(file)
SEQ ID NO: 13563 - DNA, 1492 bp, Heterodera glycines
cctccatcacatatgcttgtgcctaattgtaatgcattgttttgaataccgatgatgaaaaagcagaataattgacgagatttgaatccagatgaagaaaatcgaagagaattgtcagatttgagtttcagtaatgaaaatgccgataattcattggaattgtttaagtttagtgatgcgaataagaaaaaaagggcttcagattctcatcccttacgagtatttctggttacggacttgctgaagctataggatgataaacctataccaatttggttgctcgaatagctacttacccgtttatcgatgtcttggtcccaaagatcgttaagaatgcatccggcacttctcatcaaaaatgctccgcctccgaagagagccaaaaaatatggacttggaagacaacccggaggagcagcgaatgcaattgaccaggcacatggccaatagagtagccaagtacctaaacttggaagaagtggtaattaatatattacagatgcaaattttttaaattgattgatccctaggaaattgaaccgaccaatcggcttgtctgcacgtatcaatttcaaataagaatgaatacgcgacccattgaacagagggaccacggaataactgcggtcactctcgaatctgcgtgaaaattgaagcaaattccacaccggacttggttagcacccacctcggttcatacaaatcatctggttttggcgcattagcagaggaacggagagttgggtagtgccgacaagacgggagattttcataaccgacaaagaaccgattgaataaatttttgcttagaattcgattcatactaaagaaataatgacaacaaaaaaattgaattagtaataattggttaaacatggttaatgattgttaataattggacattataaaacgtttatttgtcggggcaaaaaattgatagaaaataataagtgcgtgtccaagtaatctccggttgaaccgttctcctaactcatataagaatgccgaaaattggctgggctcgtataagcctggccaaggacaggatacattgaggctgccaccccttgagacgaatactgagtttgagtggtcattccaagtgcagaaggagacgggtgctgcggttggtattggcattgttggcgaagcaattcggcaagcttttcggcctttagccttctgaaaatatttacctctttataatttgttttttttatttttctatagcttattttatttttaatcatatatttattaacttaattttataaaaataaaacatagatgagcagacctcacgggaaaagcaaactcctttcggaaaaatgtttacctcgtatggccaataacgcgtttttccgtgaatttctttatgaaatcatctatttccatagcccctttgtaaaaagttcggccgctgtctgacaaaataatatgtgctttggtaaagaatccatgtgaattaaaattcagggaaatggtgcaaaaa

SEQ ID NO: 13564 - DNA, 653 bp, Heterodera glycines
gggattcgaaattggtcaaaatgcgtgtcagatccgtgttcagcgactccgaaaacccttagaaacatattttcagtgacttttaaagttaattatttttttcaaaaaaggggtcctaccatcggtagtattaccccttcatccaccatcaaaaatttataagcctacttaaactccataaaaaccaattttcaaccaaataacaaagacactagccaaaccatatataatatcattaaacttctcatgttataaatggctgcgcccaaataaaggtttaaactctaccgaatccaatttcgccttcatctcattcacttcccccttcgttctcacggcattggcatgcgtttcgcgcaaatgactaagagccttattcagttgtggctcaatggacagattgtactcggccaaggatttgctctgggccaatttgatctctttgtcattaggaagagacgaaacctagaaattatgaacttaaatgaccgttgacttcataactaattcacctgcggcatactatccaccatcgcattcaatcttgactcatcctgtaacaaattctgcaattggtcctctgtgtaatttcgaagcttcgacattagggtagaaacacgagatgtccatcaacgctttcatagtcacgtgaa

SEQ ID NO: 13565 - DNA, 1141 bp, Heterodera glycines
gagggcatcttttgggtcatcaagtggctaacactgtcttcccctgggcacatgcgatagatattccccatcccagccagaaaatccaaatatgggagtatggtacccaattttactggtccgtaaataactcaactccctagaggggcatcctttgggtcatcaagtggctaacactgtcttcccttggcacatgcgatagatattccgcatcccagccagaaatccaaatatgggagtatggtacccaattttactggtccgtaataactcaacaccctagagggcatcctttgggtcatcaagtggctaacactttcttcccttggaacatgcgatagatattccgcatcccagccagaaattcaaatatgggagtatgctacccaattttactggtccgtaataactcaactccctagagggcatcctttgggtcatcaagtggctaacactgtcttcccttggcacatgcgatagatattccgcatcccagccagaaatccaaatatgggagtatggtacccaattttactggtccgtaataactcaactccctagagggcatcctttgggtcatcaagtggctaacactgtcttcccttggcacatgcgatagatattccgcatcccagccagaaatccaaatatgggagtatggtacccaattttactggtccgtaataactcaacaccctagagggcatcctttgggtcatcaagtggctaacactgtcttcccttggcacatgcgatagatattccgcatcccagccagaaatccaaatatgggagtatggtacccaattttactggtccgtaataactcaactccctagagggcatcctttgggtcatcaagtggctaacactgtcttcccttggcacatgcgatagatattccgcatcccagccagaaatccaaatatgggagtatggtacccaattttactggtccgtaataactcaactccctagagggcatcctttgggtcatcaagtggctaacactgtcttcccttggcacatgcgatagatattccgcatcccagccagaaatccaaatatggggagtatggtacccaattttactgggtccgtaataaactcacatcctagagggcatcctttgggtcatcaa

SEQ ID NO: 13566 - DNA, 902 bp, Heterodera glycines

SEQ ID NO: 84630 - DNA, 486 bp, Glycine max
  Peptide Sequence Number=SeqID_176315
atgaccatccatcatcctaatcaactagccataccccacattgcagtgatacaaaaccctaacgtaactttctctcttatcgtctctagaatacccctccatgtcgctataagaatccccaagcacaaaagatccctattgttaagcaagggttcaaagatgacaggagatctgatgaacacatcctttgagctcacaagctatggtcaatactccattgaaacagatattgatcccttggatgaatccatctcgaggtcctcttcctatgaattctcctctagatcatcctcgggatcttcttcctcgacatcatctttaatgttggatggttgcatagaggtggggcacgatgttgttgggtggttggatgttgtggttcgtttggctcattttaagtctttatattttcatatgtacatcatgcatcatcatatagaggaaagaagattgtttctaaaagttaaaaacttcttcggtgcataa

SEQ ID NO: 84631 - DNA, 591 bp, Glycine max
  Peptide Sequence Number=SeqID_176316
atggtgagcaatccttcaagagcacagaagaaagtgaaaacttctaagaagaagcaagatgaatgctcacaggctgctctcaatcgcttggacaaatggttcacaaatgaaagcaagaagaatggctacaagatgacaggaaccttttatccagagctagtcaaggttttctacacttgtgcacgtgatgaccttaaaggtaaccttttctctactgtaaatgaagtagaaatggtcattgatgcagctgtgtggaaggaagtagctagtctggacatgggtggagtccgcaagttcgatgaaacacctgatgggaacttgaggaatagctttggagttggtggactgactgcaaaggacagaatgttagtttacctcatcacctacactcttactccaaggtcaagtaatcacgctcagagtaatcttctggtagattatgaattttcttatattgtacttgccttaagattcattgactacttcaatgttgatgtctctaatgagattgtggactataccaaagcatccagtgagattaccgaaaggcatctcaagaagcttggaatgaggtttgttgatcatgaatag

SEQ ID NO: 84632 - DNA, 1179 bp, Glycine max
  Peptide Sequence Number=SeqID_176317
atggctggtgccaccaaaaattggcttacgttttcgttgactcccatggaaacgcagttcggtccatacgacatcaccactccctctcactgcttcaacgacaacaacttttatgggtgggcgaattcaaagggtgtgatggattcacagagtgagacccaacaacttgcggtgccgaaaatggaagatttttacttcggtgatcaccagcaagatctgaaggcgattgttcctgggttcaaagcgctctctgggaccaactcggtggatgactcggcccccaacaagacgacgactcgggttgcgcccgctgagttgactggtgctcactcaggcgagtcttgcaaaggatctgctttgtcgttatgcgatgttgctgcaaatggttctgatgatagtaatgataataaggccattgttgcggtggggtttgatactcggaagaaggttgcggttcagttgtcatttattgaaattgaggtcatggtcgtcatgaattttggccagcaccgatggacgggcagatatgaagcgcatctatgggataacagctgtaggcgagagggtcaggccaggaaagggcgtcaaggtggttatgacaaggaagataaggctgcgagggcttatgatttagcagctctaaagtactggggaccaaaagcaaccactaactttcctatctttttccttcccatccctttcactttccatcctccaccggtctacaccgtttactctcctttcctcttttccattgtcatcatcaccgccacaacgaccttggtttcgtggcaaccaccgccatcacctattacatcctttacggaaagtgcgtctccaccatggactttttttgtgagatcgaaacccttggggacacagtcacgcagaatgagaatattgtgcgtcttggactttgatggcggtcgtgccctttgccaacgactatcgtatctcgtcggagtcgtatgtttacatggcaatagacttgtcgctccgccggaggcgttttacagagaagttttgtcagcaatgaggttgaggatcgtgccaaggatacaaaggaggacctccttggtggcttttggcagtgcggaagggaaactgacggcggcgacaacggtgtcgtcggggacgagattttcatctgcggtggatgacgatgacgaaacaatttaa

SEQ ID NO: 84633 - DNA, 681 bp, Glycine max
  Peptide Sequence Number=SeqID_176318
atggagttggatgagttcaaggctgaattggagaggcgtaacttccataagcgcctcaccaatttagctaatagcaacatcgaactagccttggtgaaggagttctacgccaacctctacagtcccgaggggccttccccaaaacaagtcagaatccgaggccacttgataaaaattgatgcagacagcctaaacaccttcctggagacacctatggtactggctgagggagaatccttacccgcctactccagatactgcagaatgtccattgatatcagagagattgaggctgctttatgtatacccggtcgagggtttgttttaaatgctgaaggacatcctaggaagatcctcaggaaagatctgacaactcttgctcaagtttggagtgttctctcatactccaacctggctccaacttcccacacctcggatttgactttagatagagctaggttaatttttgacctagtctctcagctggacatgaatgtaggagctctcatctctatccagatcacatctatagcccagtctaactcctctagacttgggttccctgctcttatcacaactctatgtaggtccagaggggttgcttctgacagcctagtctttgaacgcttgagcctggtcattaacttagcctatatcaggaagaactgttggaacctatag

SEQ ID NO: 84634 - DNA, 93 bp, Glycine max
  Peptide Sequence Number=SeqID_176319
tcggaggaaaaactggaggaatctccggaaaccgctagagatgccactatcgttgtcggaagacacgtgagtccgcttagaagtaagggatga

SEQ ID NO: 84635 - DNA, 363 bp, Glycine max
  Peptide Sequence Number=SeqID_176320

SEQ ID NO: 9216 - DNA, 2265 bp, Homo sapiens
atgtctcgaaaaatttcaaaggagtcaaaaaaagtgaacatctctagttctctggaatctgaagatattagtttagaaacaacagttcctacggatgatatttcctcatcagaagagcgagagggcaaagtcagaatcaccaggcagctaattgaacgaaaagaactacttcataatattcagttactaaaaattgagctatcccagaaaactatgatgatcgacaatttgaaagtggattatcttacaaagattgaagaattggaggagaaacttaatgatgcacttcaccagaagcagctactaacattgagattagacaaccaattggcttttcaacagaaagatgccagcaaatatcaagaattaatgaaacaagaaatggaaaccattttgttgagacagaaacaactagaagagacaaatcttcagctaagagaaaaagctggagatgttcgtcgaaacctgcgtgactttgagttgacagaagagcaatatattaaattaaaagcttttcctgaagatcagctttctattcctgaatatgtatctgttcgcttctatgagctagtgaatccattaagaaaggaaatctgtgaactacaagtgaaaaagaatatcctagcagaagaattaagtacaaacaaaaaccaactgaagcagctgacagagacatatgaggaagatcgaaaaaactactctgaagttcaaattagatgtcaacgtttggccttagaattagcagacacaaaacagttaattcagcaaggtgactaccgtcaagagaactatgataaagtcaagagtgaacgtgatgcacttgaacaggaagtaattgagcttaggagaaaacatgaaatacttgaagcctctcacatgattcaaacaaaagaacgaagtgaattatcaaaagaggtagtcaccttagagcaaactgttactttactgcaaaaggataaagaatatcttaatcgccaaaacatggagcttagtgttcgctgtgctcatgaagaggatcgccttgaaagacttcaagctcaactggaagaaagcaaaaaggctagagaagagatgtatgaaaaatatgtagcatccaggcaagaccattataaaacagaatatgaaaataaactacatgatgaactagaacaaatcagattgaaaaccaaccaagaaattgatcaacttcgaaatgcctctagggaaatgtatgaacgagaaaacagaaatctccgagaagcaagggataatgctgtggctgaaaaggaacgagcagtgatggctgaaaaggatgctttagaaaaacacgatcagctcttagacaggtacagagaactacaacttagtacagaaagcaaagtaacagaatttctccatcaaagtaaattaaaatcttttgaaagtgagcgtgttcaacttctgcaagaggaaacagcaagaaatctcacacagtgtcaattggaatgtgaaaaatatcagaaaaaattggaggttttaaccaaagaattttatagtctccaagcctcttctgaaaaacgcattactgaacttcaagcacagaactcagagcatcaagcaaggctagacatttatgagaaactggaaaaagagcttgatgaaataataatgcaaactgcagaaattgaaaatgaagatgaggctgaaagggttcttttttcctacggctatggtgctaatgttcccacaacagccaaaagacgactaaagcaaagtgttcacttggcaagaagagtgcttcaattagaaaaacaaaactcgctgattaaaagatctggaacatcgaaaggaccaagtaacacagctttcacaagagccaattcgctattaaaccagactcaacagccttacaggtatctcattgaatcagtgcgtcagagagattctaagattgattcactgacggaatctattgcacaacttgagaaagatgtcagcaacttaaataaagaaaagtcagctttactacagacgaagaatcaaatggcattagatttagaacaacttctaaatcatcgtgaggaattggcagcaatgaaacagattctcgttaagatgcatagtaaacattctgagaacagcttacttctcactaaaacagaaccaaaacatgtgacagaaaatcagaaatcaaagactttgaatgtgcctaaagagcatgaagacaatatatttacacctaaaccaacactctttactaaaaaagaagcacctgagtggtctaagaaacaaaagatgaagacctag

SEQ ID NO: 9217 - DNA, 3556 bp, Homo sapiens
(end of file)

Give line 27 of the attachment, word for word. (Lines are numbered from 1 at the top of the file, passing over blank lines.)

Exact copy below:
SEQ ID NO: 9217 - DNA, 3556 bp, Homo sapiens